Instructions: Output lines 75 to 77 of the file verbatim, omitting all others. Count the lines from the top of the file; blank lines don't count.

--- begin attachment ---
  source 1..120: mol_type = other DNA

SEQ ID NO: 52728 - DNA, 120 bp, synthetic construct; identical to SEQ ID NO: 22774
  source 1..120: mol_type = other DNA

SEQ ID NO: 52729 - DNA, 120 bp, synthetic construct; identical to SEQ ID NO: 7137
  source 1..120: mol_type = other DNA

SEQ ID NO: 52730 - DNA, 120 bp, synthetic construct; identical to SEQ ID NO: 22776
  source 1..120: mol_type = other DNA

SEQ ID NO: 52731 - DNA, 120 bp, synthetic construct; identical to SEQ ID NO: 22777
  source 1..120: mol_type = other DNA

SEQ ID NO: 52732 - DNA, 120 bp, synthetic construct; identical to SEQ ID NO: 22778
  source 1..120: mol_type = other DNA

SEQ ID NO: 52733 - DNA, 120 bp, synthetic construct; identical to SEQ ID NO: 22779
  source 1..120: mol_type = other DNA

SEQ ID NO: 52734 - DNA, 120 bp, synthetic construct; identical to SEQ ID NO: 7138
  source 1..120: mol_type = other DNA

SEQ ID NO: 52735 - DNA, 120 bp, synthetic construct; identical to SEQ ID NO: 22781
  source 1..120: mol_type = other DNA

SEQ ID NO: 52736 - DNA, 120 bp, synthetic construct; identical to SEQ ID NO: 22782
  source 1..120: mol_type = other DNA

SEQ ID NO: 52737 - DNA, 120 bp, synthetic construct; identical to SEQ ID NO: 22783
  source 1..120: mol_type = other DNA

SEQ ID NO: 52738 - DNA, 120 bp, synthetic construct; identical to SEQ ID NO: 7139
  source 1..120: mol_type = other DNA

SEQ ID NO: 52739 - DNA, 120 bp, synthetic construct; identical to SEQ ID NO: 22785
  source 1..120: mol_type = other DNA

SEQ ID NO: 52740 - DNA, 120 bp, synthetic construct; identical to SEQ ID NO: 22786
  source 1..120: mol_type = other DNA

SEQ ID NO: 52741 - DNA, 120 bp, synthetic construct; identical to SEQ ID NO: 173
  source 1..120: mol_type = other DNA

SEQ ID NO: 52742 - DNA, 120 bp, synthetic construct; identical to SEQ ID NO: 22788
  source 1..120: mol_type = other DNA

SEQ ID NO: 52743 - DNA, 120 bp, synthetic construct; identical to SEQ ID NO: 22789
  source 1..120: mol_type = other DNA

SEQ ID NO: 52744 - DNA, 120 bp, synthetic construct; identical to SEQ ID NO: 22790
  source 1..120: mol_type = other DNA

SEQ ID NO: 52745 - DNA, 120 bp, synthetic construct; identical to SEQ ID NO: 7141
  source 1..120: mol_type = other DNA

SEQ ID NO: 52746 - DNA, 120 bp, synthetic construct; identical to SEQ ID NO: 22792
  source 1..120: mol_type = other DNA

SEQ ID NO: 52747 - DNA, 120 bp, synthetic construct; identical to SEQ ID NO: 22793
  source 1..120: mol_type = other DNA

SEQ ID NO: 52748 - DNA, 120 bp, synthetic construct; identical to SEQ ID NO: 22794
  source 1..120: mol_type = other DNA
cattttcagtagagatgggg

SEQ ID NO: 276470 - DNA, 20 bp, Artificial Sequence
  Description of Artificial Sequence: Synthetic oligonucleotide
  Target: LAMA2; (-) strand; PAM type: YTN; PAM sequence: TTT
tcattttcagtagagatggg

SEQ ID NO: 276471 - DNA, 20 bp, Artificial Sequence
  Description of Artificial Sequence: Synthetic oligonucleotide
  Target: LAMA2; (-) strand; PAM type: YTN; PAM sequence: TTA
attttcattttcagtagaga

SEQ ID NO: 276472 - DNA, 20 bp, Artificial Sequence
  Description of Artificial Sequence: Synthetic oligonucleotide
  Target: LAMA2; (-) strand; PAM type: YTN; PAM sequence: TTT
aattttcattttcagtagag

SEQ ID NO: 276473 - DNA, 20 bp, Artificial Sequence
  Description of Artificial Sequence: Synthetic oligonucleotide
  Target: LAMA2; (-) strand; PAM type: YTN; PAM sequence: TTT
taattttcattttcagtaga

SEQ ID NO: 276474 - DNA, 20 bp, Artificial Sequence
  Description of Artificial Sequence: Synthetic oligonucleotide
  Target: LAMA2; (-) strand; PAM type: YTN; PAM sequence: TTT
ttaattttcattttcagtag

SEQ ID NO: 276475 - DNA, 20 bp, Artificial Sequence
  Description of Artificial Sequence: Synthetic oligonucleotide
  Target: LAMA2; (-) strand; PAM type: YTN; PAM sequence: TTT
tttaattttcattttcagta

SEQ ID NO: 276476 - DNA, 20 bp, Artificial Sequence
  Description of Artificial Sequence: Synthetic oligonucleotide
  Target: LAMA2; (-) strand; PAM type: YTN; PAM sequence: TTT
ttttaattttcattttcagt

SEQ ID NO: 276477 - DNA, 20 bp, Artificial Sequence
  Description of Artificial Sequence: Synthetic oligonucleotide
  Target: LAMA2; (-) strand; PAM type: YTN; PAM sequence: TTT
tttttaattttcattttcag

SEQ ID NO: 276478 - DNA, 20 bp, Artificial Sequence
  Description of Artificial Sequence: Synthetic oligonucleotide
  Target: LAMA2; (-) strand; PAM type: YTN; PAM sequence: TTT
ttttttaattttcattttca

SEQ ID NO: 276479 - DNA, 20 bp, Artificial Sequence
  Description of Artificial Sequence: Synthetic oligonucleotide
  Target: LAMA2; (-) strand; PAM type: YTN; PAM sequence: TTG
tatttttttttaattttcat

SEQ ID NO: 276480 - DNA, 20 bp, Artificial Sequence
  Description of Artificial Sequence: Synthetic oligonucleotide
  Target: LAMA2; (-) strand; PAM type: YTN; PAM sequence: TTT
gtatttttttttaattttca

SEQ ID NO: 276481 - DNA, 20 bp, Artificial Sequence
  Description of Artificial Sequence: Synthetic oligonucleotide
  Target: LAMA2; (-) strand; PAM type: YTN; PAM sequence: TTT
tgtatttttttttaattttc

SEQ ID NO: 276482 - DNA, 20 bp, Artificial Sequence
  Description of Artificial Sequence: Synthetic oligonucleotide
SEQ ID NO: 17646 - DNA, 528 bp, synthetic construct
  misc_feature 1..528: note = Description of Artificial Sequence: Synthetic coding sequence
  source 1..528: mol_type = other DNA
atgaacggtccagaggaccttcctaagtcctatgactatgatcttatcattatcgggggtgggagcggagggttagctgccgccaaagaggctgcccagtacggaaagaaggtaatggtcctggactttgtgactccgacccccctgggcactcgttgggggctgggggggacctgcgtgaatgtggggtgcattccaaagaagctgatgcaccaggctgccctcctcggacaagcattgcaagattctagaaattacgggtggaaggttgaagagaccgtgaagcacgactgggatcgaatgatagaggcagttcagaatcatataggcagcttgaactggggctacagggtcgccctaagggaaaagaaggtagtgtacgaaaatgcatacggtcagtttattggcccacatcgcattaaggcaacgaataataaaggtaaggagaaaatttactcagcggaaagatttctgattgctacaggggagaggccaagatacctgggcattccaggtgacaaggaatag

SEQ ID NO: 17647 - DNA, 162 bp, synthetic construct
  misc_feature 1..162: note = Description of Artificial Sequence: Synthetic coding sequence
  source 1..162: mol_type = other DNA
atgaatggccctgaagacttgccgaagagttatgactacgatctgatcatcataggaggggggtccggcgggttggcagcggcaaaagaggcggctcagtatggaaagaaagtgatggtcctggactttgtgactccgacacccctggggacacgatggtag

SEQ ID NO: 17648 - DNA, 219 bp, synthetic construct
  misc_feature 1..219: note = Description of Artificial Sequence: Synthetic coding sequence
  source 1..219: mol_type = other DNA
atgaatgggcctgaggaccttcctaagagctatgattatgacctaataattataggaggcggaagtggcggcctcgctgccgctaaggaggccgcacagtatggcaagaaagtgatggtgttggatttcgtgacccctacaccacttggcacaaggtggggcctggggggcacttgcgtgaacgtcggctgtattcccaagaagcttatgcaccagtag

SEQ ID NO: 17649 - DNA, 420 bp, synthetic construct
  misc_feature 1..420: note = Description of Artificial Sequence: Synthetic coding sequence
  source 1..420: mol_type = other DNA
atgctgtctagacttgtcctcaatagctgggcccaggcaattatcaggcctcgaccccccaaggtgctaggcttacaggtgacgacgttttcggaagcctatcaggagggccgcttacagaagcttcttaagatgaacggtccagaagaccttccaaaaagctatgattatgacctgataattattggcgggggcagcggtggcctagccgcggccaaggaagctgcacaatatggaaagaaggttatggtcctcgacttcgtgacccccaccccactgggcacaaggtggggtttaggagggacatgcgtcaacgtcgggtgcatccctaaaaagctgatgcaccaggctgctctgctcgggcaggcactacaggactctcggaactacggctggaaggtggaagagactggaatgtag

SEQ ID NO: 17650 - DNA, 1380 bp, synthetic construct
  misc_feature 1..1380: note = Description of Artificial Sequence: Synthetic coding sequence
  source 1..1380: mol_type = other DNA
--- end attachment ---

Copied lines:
  Target: LAMA2; (-) strand; PAM type: YTN; PAM sequence: TTT
tttttaattttcattttcag

SEQ ID NO: 276478 - DNA, 20 bp, Artificial Sequence